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Posts Tagged ‘Bill Nighy’

Turks & Caicos (2014)

In Action, Amazing, BBC, Crime, film, Law, new, political, Recommendation, Review, Spy on 22/03/2014 at 11:00 am

A great BBC Original spy thriller-drama with a cast so starry it’s hard to believe it’s only a telly production. Former MI5 agent Johnny/Tom Eliot (Bill Nighy) is trying to stay out of trouble on Turks & Caicos – a tropical tax haven – but fails miserably when he gets entangled in a CIA efforts lead by Curtis Pelissier (Christopher Walken) to catch some big-arse crooks. We’ve seen Nighy in many roles like this, but it’s hard to object as he does such a lovely job at being the well-mannered, understated and well-tailored Englishman.

When he fled from HM’s SS, he left behind the love of his life and also former spy Margot (Helena Bonham-Carter) – but his plight is bound to bring them back together. Meanwhile, Melanie (Winona Ryder) is in with the bad boys but the question is whether she wants to be. She’s all grown up, fragile, broken and seductive all at once. Back in the UK, Margot gets closer to Stirling Rogers (Rupert Graves, Sherlock) who is too rich and powerful not to be involved somehow, and also plays tennis with the PM, Alec Beasley (Ralph Fiennes), which gives rise to the question of his involvement in illegal financial thievery.

All the plots, schemes, power play and politics are made more interesting by the central notion of this story: humanity. Not once does this film degrade itself to plot-driven cops&robbers trickery. The island’s police force, Johnny, Margot and Johnny’s love, Melanie’s MO – they all boil down to a sense of ‘as long as there’s people like them in the world, we might be alright’.

Also, writer and director David Hare (The Reader, The Hours) made a film that blatantly says: tax havens are corrupt, dangerous, criminal snake-pits that use our tax payers’ money to enrich themselves and politicians involved. And it’s about time.

NB: No trailer available yet – here’s one for Original British Drama featuring some tasters.

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The Boat that Rocked (2009)

In feel good, film, hilarious, Recommendation, Review on 13/10/2011 at 1:50 pm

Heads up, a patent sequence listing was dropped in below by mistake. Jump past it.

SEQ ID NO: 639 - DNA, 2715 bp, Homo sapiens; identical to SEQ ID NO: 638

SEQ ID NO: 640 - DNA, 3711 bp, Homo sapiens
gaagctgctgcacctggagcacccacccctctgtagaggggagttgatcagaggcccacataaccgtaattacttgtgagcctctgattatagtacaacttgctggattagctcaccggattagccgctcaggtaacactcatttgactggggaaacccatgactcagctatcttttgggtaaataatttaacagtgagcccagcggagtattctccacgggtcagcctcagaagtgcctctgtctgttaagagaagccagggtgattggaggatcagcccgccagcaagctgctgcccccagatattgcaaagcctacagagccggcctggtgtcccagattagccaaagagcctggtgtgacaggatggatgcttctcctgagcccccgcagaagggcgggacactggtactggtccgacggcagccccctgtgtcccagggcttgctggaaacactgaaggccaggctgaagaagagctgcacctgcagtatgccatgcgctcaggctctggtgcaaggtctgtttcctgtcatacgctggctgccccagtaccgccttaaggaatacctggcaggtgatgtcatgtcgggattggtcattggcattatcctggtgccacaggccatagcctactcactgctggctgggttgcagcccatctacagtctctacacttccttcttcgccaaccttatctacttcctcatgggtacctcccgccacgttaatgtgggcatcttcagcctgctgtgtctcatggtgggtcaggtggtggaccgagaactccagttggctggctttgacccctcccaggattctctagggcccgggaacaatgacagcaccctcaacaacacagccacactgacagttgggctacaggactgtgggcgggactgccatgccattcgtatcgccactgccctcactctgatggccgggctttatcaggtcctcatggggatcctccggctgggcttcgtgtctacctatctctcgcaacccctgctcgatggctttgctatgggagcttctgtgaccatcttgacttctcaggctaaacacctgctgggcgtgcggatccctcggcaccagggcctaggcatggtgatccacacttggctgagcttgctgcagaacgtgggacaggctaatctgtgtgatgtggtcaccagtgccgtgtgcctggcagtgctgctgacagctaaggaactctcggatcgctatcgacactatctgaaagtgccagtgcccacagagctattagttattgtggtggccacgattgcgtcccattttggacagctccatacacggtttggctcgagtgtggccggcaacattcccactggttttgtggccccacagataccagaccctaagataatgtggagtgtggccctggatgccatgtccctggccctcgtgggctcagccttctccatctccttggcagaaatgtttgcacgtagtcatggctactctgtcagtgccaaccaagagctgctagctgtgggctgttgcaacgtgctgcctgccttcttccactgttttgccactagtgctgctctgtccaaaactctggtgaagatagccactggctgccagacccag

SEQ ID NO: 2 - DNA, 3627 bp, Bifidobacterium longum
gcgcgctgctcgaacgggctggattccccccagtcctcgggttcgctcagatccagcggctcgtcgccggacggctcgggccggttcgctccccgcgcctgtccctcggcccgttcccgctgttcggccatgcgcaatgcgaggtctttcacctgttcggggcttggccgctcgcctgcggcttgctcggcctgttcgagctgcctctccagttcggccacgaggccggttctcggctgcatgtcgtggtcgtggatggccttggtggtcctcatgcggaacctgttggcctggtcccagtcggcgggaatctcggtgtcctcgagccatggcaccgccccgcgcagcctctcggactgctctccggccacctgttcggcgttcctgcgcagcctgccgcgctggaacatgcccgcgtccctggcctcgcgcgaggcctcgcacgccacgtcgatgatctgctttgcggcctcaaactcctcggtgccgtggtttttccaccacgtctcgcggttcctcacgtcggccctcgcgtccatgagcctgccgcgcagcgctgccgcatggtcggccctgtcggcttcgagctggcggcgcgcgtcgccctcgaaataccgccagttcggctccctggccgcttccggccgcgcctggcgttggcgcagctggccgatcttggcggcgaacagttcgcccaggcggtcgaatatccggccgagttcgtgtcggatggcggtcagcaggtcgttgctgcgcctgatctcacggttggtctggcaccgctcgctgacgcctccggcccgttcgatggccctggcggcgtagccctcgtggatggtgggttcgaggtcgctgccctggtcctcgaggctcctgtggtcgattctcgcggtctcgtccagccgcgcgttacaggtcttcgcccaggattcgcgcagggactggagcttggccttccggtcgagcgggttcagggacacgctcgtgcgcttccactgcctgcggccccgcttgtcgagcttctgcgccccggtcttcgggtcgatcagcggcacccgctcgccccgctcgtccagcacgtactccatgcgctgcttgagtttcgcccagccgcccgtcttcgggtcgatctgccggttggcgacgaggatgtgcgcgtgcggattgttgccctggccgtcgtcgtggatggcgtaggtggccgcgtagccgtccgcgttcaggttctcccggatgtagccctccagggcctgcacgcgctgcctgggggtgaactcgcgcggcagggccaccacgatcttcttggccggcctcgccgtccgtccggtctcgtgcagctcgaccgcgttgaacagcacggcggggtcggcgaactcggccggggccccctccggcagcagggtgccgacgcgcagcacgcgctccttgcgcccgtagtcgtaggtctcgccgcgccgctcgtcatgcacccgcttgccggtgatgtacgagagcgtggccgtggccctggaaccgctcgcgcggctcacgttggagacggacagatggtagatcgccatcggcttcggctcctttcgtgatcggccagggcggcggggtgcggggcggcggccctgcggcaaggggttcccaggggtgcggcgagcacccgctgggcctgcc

A terribly fun ride on the radio-waves of the 1960s. It’s post-war England and the stuffy conservative government won’t have anything but classical music on the radio. So they get a boat and transmit outside of territorial waters: pirate radio is born (the film has been re-labelled Pirate Radio in the US, for some funky reason).

The pirate radio DJs grow as popular as the bands they play and as the antagonists, being the government, start to gain on them things get most entertaining. And there’s Bill Nighy being as hilariously unnatural a rock-dude imaginable, Rhys Ifans being a perfect natural and Philip Seymour Hoffman as the chief-pirate. Even though this film follows the strict comedy curve and is therefore utterly predictable, it doesn’t make it less enjoyable. It is the perfect example of a feel-good movie.

 

 

 

Notes on a Scandal (2006)

In Amazing, based on novel, film, Recommendation, Review on 10/10/2011 at 8:30 pm

Two of the greatest actresses alive today do their reputations credit and then some in this superb drama. Barbara Covett (Dame Judi Dench) is a seemingly normal, rather stern and somewhat lonely school teacher. When the young and beautiful Sheba Heart (Cate Blanchett) joins the teaching team, she has trouble with some of the more cheeky pupils. Covett comes to her rescue and the two hesitantly become friends, but things aren’t how they seem.

Rarely have I seen two parts, that rely entirely on stupendous acting to make them work, so utterly and compellingly convincing. The story (based on the Zoe Heller novel) smacks you about: being charmed by a character, then despising them and perhaps finally truly understanding them, however doubtful their conduct may have been. It’s simply an amazing work of art.

Notes on a Scandal was nominated for four Academy Awards and won eleven other awards, including two British Independent Film Awards for Best Actress (Judi Dench) and Best Screenplay (Patrick Marber).

 

The trailer contains some spoilers.